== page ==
As with every major display of public dissatisfaction in recent years, yesterday’s demonstrations in Taipei and Kaohsiung against the policies of the Ma Ying-jeou (馬英九) administration led to wildly variable speculation about the number of people who showed up. The Democratic Progressive Party (DPP), which organized the protests, claims 600,000 participants in Taipei and 200,000 in Kaohsiung, while law-enforcement authorities put those numbers at about 50,000 and 30,000 respectively.
Different parties inevitably seek to manipulate, and thereby politicize, the estimates of turnouts at demonstrations. Accurate or not, crowd numbers nevertheless serve as indicators of the level of proactive, popular opposition to government policies — in this case, the opposition sees them as endangering the sovereignty of Taiwan.
The National Police Agency (NPA) said on Sunday that it deployed 2,000 police officers in Taipei and 800 in Kaohsiung (excluding forces on standby).
The deployment on Sunday was therefore relatively low-key. (The ratio at Times Square in New York City on New Year’s Eve is usually 1:20 and was 1:17 during anti-war demonstrations there in 2003.)
This illustrates that the Ma administration, the Ministry of the Interior and the NPA have learned from their mistakes during the November visit of Association for Relations Across the Taiwan Strait Chairman Chen Yunlin (陳雲林), when a large police presence — 2,000 at the airport, 800 at Chen’s hotel and 7,000 altogether — served as a catalyst for public anger.
As a result, demonstrations over the weekend were for the most part orderly and both sides respected the rules of engagement.
Both camps issued clear instructions and cautioned against overreaction and provocative behavior. Notwithstanding an incident involving a police vehicle, both performed commendably and showed that with restraint, public discontent can be freely expressed in a democracy.
Memories of bloody clashes in November may also have subdued passions on both sides.
Ironically for the DPP, the orderliness that characterized the demonstrations could make it easier for the Ma administration to ignore its efforts and downplay the importance of the rallies.
The last thing Ma and others want as they forge ahead with their cross-strait policies is more international attention.
By making sure that things would not get out of hand, the authorities ensured that the demonstration remained a very local one in news terms — and this they accomplished with brio.
By claiming that far fewer demonstrators showed up at the protests than the DPP expected, the Ma administration will again be in a position to say that the majority of Taiwanese agree with his policies on China and that there is no need for more transparency or referendums. In other words, May 17 will be easy to sweep under the carpet and Ma can stay the course.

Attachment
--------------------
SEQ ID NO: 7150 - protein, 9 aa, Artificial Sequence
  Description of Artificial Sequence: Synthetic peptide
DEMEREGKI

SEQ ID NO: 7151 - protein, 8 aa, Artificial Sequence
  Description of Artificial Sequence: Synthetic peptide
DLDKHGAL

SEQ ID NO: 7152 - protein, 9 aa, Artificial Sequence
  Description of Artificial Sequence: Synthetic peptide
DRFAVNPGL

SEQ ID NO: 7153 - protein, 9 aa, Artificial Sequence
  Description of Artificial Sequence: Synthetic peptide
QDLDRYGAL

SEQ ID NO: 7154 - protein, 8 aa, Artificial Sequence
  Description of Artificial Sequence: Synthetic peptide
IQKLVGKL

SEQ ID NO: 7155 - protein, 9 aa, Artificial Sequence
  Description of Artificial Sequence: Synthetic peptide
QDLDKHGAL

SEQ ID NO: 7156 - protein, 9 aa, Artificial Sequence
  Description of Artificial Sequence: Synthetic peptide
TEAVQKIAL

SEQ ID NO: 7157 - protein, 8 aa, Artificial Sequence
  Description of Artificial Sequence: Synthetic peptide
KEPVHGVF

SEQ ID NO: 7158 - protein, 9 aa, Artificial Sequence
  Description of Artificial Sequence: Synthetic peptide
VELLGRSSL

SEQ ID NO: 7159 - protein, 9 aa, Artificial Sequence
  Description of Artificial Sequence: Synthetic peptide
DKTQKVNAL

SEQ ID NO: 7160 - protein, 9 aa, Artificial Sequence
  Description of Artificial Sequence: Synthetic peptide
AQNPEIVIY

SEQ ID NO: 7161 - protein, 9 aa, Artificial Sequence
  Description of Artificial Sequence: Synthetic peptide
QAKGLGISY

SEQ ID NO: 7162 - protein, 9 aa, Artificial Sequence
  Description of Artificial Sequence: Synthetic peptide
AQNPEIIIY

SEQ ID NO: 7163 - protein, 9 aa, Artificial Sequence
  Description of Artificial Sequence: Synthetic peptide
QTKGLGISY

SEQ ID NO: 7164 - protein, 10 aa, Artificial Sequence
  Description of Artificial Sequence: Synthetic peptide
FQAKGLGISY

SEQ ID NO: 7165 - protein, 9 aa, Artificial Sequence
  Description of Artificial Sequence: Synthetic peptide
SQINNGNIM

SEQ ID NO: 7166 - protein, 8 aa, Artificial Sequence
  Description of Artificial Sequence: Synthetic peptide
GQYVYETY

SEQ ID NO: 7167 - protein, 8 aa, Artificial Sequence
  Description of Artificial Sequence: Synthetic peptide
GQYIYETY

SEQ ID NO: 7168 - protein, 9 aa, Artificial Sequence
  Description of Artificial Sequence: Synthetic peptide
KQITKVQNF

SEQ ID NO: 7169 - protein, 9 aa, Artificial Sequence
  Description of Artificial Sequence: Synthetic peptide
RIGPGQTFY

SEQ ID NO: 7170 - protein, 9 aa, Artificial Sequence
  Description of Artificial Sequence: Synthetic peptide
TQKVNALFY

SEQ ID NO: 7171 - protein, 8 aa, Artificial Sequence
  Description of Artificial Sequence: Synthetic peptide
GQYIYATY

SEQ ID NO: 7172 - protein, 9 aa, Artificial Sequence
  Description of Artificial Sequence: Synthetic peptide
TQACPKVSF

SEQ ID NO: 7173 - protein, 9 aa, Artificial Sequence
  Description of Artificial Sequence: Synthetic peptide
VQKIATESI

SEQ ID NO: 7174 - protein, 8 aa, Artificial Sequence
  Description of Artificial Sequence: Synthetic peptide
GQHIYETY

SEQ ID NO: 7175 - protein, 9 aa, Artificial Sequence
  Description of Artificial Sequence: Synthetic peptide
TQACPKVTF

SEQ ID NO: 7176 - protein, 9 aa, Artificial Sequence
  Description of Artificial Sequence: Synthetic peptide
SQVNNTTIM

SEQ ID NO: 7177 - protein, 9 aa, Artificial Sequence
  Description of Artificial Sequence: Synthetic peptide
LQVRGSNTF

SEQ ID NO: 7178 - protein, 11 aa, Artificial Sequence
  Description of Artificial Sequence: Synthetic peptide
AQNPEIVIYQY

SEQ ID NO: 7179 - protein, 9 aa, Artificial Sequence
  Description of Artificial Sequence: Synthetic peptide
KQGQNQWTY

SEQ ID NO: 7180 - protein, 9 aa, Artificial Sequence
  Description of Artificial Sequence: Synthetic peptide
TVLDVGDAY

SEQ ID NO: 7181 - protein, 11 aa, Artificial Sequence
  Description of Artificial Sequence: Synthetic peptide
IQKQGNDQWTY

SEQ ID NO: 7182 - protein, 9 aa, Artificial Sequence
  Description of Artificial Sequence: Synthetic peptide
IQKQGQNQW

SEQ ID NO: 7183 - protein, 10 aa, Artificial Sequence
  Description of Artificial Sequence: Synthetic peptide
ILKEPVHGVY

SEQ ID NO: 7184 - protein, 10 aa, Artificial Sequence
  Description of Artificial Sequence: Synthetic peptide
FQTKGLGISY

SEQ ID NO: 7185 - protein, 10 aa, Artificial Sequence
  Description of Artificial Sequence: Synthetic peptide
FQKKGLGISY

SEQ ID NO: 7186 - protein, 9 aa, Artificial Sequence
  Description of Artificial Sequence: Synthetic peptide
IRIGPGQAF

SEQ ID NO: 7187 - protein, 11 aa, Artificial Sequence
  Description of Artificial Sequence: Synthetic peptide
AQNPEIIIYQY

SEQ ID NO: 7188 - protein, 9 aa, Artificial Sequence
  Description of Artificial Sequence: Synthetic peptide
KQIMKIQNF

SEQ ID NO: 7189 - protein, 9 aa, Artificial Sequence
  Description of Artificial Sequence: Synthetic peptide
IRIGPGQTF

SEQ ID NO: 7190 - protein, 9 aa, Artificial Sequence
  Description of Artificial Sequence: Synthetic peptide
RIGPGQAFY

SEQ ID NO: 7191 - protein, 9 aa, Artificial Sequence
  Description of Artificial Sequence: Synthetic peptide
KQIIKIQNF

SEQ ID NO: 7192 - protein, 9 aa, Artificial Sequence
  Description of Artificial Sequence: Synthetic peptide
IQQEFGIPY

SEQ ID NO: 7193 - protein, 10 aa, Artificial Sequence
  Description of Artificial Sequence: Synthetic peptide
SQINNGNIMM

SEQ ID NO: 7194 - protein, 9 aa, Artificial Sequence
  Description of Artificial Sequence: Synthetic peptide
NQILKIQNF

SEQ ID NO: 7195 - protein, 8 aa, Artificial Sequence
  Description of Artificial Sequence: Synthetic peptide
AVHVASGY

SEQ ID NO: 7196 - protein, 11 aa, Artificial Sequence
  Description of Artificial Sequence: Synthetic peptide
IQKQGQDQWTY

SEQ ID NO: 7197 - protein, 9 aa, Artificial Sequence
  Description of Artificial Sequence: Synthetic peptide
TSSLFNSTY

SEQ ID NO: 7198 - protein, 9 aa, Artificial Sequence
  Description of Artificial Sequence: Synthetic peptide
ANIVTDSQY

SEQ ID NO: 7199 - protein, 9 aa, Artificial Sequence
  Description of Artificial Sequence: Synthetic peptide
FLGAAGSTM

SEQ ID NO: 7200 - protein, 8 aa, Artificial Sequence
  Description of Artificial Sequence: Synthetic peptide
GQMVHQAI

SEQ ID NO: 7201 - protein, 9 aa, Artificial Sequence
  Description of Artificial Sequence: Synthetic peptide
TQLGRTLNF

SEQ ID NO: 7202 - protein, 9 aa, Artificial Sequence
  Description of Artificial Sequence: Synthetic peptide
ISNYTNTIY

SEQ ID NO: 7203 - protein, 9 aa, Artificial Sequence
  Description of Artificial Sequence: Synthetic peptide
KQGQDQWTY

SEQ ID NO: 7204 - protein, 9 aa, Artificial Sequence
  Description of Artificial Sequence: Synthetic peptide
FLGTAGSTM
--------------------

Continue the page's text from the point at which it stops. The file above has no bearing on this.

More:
The DPP and police played by the rules. The Ma administration did not bite. Democracy worked to perfection, but in so doing it muted the opposition’s voice. The DPP will have to think of something else if it wants the world to hear its message.
Speaking at the Asia-Pacific Forward Forum in Taipei, former Singaporean minister for foreign affairs George Yeo (楊榮文) proposed a “Chinese commonwealth” as a potential framework for political integration between Taiwan and China. Yeo said the “status quo” in the Taiwan Strait is unsustainable and that Taiwan should not be “a piece on the chessboard” in a geopolitical game between China and the US. Yeo’s remark is nothing but an ill-intentioned political maneuver that is made by all pro-China politicians in Singapore. Since when does a Southeast Asian nation have the right to stick its nose in where it is not wanted
The Chinese Communist Party (CCP) has released a plan to economically integrate China’s Fujian Province with Taiwan’s Kinmen County, outlining a cross-strait development project based on six major themes and 21 measures. This official document by the CCP is directed toward Taiwan’s three outlying island counties: Penghu County, Lienchiang County (Matsu) and Kinmen County. The plan sets out to construct a cohabiting sphere between Kinmen and the nearby Chinese city of Xiamen, as well as between Matsu and Fuzhou. It also aims to bring together Minnanese cultural areas including Taiwan’s Penghu and China’s cities of Quanzhou and Zhangzhou for further integrated
During a recent visit to Taiwan, I encountered repeated questions about “America skepticism” among the body politic. The basic premise of the “America skepticism” theory is that Taiwan people should view the United States as an unreliable, self-interested actor who is using Taiwan for its own purposes. According to this theory, America will abandon Taiwan when its interests are advanced by doing so. At one level, such skepticism is a sign of a healthy, well-functioning democratic society that protects the right for vigorous political debate. Indeed, around the world, the people of Taiwan are far from alone in debating America’s reliability
As China’s economy was meant to drive global economic growth this year, its dramatic slowdown is sounding alarm bells across the world, with economists and experts criticizing Chinese President Xi Jinping (習近平) for his unwillingness or inability to respond to the nation’s myriad mounting crises. The Wall Street Journal reported that investors have been calling on Beijing to take bolder steps to boost output — especially by promoting consumer spending — but Xi has deep-rooted philosophical objections to Western-style consumption-driven growth, seeing it as wasteful and at odds with his goal of making China a world-leading industrial and technological powerhouse, and